About four to five months ago, I was working in a space where the majority of work was done in web development. Specifically, I was dealing with a messaging system in Java and web system in Perl and Ruby on Rails. I had been working this space for sometime now and I felt that new challenges needed to be met with and I set my sights on the iOS space, specifically iPhone application development! After said number of months, we have updated our iPhone application and released our iPad app. I have learnt several valuable lessons during this journey that I would like to share with you guys (when I say guys, I mean the two guys who actually read this blog and the google bot).

Lesson #1: Just because you know ‘C’, does not mean you know ‘Objective-C’

They are not only different languages, they are different paradigms and require different ways of thinking. Since Objective-C is now mainly used to develop applications that people will touch and then use, you have to think more and more of interface design and user experience, as well as thinking of the underlying layer which involves C concepts like memory management and faster queues. You simply cannot be good at the latter and not be good at the former.

Lesson #2: Learn the UIView lifecycle and learn it inside out.

Understand what when things like drawRect and layoutSubviews get called. Understand what happens when you overload the two. Learn when to call setNeedsDisplay and setNeedsLayout and more importantly, learn who should be calling these!

Lesson #3: Always always have apple documentation open next to you.

The docs help a lot. Just having them open next to you is going to save you a lot of time trying to remember
the method, especially the animation ones which have long method names and multiple arguments. Not only that, most of the time (unless you are using the docs for Automation), the docs are all you need to resolve a issue.

Lesson #4: Write an app.

Whatever you learn from work or hobby or reading or podcasts or WWDC videos, put that knowledge into making your own app! That is the best way to learn. Make an app! Whatever you want, any idea will do and start putting whatever you learn into it. And start showing it to people who know more than you and ask for their feedback.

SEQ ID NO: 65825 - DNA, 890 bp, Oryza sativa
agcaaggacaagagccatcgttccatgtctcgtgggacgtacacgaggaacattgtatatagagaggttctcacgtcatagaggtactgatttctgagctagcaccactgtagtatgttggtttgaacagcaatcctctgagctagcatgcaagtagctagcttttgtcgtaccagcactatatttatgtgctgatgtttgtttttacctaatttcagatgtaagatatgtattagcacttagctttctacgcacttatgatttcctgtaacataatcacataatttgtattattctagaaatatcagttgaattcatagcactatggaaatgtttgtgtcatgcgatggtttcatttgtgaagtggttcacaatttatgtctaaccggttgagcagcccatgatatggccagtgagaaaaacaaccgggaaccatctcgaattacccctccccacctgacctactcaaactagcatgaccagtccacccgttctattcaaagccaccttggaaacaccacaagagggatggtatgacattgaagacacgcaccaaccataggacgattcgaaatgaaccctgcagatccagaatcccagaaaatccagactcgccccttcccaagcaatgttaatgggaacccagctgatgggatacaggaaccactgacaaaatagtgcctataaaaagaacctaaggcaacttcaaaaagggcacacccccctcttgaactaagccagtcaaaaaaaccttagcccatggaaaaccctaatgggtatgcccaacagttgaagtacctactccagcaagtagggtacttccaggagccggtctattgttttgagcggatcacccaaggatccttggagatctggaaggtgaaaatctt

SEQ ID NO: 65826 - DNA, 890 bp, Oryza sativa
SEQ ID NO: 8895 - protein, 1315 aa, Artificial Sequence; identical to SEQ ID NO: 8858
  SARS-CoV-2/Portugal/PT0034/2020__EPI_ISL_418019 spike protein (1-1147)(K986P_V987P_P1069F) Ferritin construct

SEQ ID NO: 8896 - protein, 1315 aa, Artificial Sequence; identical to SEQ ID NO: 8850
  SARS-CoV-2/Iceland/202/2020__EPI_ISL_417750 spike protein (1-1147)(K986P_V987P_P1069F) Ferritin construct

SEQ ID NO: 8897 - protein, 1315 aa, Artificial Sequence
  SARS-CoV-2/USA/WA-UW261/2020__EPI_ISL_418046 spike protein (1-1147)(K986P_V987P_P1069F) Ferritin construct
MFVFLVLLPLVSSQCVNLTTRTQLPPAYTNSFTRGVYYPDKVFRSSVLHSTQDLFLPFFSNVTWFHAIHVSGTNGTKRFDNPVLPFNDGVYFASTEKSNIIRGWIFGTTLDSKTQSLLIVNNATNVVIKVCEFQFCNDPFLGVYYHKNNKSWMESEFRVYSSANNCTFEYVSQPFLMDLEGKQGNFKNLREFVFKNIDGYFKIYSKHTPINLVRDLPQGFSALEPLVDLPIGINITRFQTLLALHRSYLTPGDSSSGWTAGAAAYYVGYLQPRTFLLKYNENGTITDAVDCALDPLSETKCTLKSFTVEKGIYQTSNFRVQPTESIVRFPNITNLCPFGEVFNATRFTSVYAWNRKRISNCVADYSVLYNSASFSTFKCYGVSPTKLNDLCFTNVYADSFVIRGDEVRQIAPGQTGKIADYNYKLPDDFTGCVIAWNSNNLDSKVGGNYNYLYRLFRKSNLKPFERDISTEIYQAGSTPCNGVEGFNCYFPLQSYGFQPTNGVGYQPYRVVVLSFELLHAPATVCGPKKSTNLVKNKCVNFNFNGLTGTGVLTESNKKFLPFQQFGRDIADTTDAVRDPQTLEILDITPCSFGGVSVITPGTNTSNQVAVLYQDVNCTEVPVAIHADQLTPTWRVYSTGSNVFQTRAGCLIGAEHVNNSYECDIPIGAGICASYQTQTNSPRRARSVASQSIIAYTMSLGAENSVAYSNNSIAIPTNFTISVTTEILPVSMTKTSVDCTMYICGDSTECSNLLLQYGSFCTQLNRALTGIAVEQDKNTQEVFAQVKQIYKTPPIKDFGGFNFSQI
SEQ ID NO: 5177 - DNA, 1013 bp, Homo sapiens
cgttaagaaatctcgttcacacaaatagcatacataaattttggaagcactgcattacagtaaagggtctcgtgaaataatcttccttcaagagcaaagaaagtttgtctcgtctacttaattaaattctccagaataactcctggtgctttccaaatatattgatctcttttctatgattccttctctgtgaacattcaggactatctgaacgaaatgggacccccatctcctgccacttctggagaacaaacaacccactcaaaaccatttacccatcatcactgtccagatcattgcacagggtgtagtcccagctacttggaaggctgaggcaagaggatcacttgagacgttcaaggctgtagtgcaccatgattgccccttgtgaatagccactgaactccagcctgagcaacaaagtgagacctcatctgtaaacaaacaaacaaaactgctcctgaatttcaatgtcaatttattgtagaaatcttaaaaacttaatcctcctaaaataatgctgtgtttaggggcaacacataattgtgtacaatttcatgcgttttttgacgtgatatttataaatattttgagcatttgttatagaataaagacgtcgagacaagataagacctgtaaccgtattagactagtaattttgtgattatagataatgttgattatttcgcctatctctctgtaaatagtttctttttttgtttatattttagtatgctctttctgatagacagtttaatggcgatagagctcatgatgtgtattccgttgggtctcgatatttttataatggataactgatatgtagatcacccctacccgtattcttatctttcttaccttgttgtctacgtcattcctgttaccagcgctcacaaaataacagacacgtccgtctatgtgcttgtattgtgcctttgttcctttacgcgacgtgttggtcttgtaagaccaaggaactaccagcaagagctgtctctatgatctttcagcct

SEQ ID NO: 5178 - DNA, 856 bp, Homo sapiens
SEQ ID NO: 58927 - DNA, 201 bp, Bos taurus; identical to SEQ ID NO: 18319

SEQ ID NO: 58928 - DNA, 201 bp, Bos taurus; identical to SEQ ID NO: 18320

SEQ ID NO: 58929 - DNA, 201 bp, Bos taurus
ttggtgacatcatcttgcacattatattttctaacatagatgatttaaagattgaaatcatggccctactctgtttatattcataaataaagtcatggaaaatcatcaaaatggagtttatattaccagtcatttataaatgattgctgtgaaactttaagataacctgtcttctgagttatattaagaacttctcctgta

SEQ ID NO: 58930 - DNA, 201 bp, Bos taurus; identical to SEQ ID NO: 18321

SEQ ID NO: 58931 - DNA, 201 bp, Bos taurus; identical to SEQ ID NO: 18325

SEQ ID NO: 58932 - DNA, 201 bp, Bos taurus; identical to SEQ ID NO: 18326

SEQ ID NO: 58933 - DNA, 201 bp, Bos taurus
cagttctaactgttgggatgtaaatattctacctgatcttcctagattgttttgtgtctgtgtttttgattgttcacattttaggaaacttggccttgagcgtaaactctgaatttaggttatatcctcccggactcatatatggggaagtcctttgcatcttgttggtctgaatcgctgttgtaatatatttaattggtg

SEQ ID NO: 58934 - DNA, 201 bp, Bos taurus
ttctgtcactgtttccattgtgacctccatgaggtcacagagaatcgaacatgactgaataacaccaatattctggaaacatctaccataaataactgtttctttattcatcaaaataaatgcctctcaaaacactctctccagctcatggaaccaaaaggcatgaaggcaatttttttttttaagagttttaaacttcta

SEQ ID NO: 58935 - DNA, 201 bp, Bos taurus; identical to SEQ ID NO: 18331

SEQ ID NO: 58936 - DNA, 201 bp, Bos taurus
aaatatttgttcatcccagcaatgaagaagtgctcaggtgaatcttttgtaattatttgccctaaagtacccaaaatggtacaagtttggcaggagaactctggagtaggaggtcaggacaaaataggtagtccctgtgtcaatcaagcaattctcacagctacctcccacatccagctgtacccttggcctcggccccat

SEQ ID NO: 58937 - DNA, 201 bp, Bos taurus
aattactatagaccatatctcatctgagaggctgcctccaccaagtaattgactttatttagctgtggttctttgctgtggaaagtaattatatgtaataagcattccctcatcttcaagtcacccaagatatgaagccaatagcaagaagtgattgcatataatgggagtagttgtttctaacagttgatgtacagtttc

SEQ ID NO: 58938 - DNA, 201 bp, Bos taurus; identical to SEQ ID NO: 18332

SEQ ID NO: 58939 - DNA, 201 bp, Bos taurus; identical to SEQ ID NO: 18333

Lesson #5: Be prepared to stuff up.

If you are always scared of stuffing your work up, then you are not going to do much, or even learn much. This is not to say that you should cowboy your way through the work, but to have high expectations from yourself and to be prepared to be disappointed, but to never ever lower those expectations. There are millions of apps out there but only a few of them are watchwords. If you want yours to become one, you have to make a million mistakes before that!.

My thoughts on DevOPS on the REA Engineering Blog.

Excerpt:

It should not be marketed as position to slot one person in, or even rotate people through. A software developer who writes the code should be as concerned about his/her code working in production as he/she is in development. Definitely operations are more experienced with deployment and maintenance of products in production like environments, but that does not mean a developer should not base his software decisions before being aware of implications of deploying it in production, or be unaware of the status of his code after it passes quality assurance. The thinking behind devops is the critical bit of software development.

The process of software development is long and hard. It goes through a lot of stages. Development is usually done on your laptop/desktop and once you are done, it is hopefully moved to a production like machine where your changes are tested. If passed, it then is passed onto production. All these different environments are configured differently and possibly access and enable different areas of the application being deployed. All this is usually managed by configurations.

The scenario mentioned here gives rise to the possibility of two different types of configurations and that is going to be my rant for today.

There is application configuration and there is environment configuration. If you have to turn features on or off in your application in production, or release something that you want a subset of your users to see for some testing purposes or for whatever reason, you want flexibility, then that setting is an application configuration.

Any change in environment, whether machines, URL’s, databases etc when you move software from one system to another in the development lifecycle requires environment configurations.

Usually, the way to go about them is to put the configuration in a YAML file. For example

ThisReallyIsSomethingIHate: 1
ThisIsSomethingMeLikey: &AliasForIt
    Name: Gandalf
    Default: #98AFC7
    Update: #FFFFFF

This works fine for environmental configurations which rarely change and which do not need to be altered every so often. But for application changes, where toggling of features on and off, before and after deployment is a common thing, we need something that works, in my opinion similar to a JMX console. An admin console, which tells us the health of the feature/application, and allows us to toggle the features on and off.

This involves moving the application configuration from a flat file into a persistent storage, perhaps a database. This ensures that Operations do not have to worry editing files but actually have a console to do it in, something that is easier to start and manage. This would also help out QA during testing, because now they do not have to write automation tests to edit configuration files but a simple selenium step will accomplish that for them.

I do not know whether this is the right way of separating application and environment configuration, but I do know that we need to separate them.